You may have also seen recycling bins that are specifically labeled for clothing and shoe donations outside local stores and restaurants. Your gently used slippers can be donated here too, just make sure that you tie them together with an elastic band or something similar so they will not get separated.
The slippers that are donated in this way are often sent out by various charities to third world countries all over the globe. According to estimates from WHO (World Health Organization) more than 300 million people across the world cannot afford shoes of any kind, let alone slippers, and so, once again, the slippers you no longer want can do some real good long after you have parted with them.
If you are a crafty person you may be able to make use of some of the elements of your old slippers if they are simply not in good enough condition to sell or donate. The fur and trim that is found on many slippers can be used in all kinds of ways, from embellishments for homemade gift cards to trim for DIY clothing and accessories.
Can you extend the life of slippers?
One of the best ways to reduce waste, in general, is to make use of less ‘stuff’ in the first place. So can you extend the life of your slippers so that they last longer and have to be replaced less frequently? The answer, again, is yes you certainly can. Here are just a few ways you can do so.
Buy a higher quality slipper in the first place
As we mentioned, many higher quality slippers are still suitable for reuse even after they have been worn for some time. This is because they are crafted from higher quality materials and are constructed in such a way that they are simply far more durable than their cheaper counterparts.
Some people, however, initially balk at the idea of paying $50-$100 for a pair of slippers when they could pay a $1 at their local dollar store, or maybe $10 at their local drug store. But that is often both a false economy and a potential waste that will only add to the landfill problem.
This is because those cheaper slippers will wear out far more quickly – most last just a few months – and they will rarely be in a fit condition to either sell or donate. Instead, they will be thrown away and their owner will have to go and buy more. If they stick to the same brand they may have to repeat that cycle three or four times over the course of the year, possibly spending the same amount of money as they would have done on a higher quality more durable pair anyway (and certainly adding to the waste problem)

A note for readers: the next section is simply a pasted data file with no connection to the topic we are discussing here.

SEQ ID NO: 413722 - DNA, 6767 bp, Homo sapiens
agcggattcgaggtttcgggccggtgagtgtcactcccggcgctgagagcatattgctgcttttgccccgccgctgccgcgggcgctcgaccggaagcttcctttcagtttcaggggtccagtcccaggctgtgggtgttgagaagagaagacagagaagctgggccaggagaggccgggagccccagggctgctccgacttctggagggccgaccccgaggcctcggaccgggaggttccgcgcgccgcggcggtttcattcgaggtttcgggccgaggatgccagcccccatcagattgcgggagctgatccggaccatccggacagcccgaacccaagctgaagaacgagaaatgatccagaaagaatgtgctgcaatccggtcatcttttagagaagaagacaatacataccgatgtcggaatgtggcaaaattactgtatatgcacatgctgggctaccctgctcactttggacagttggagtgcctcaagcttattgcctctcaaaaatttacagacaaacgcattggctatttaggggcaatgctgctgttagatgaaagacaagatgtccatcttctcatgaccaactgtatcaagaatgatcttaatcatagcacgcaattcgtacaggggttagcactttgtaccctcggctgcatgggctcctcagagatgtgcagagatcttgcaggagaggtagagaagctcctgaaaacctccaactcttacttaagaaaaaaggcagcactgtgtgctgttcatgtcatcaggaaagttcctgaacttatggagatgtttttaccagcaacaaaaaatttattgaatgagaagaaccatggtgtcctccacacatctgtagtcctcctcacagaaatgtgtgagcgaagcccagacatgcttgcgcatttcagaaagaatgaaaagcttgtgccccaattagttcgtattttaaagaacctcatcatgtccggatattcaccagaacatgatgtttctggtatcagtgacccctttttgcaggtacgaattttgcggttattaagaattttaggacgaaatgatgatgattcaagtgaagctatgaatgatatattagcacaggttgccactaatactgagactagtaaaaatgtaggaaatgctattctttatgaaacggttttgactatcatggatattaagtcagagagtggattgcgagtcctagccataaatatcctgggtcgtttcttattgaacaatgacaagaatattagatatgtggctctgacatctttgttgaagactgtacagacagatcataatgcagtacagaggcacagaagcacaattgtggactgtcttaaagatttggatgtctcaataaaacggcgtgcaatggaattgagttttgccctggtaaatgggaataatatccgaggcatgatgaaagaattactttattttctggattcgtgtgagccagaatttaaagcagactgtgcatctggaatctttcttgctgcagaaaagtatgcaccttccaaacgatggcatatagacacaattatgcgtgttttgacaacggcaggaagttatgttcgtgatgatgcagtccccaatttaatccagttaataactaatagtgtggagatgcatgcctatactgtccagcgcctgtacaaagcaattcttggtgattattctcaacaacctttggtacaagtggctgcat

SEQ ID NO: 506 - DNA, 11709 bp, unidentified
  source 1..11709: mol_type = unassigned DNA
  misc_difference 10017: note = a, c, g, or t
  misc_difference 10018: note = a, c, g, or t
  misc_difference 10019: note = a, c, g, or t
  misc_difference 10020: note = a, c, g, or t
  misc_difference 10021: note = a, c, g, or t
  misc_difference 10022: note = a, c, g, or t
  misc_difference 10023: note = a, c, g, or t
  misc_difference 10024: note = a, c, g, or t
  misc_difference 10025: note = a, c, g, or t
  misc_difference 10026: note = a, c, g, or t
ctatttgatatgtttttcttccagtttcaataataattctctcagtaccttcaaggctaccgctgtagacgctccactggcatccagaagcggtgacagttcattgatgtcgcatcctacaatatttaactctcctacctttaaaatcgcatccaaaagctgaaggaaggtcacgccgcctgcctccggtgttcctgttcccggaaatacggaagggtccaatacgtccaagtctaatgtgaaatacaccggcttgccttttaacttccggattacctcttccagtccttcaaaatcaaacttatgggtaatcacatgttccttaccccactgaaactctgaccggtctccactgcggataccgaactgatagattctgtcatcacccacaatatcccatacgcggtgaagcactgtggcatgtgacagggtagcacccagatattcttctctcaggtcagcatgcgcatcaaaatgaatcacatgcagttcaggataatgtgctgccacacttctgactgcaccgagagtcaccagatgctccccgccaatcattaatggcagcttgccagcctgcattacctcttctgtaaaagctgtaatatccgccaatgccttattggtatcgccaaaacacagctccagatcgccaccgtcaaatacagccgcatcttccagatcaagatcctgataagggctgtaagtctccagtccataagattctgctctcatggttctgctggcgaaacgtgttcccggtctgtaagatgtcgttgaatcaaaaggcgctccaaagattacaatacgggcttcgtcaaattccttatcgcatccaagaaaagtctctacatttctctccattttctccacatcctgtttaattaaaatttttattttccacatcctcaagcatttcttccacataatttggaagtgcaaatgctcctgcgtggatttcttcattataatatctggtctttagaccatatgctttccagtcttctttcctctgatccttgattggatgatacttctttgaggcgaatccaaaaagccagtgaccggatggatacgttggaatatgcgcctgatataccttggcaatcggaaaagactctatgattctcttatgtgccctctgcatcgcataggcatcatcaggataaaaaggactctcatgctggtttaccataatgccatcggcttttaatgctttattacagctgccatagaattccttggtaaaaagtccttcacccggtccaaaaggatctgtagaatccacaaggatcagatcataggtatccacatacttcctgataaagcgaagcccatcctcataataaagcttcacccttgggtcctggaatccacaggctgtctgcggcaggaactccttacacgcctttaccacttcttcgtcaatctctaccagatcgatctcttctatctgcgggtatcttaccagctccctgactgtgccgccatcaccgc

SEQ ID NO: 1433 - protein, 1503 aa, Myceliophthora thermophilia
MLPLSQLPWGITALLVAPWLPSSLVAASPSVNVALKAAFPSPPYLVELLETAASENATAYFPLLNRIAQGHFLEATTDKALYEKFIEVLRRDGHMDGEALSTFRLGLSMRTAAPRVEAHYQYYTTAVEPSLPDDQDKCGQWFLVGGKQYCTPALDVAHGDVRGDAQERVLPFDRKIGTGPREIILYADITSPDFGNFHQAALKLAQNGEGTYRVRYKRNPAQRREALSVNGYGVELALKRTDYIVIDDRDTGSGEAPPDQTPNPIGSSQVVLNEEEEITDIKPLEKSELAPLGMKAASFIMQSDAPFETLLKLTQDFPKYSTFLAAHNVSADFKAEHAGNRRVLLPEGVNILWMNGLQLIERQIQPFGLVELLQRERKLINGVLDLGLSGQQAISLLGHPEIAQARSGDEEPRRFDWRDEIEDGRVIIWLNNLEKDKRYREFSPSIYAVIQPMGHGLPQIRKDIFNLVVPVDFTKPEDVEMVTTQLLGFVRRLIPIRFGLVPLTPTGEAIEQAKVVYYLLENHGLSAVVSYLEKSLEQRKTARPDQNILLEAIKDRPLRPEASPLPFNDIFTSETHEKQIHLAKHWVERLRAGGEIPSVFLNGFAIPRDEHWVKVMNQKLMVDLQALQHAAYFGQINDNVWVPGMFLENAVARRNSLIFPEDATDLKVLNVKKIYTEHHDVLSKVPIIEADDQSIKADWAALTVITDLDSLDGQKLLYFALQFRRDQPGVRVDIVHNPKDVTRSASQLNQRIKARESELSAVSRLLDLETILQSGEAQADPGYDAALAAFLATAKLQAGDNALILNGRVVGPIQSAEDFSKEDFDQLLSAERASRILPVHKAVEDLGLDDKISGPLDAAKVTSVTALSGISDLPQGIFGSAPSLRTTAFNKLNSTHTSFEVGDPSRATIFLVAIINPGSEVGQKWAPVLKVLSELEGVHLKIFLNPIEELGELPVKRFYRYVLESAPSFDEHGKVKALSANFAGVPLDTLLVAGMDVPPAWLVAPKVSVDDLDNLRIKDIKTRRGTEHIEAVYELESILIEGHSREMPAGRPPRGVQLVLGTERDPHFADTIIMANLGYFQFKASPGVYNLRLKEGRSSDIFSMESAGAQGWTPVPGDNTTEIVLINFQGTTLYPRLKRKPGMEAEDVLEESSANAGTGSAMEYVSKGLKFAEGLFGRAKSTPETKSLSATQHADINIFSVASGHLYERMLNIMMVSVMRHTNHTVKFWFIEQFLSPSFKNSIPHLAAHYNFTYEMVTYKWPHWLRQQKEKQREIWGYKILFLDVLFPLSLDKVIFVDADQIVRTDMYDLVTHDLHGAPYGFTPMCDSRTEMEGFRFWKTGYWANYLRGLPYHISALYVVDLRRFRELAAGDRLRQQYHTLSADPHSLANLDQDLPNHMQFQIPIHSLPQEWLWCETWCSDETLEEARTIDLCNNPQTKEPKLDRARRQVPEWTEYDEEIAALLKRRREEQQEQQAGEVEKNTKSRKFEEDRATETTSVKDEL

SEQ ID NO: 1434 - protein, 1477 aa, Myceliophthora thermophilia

Many people ditch their slippers when the insides and insoles get grimy. Which makes sense, dirty slippers are unpleasant to wear and can be bad for the health of your feet. By wearing socks with slippers you will obviously keep the insoles cleaner longer, extending the useful life of the slipper.
Socks and slippers are often considered to be a poor fashion choice. Not as much of a ‘crime’ as socks and sandals, but close in the eyes of many. But the socks you wear to keep your slippers cleaner do not have to be big and bulky, try a pair of skimpy no-show socks or foot covers instead. They will get the job done and you won’t have to feel like a ‘fashion failure’
Never wear slippers outside
Nothing ruins slippers faster than wearing them outside, even briefly. Even the highest quality slippers are not designed for even occasional outdoor wear. They have soft soles for a reason. Not only for your comfort but also to protect your floors and carpets. If you use them as outdoor shoes even briefly you will track in dust and dirt on the bottoms, which defeats the point of wearing slippers in the first place.
To avoid the temptation of just running out for a minute in your slippers to fetch the mail or start your car keep a pair of simple, inexpensive flip flops by the door. That way you can slip into these easily, head outside to do what you need to and then come back in and change into your still nice and clean slippers in a flash.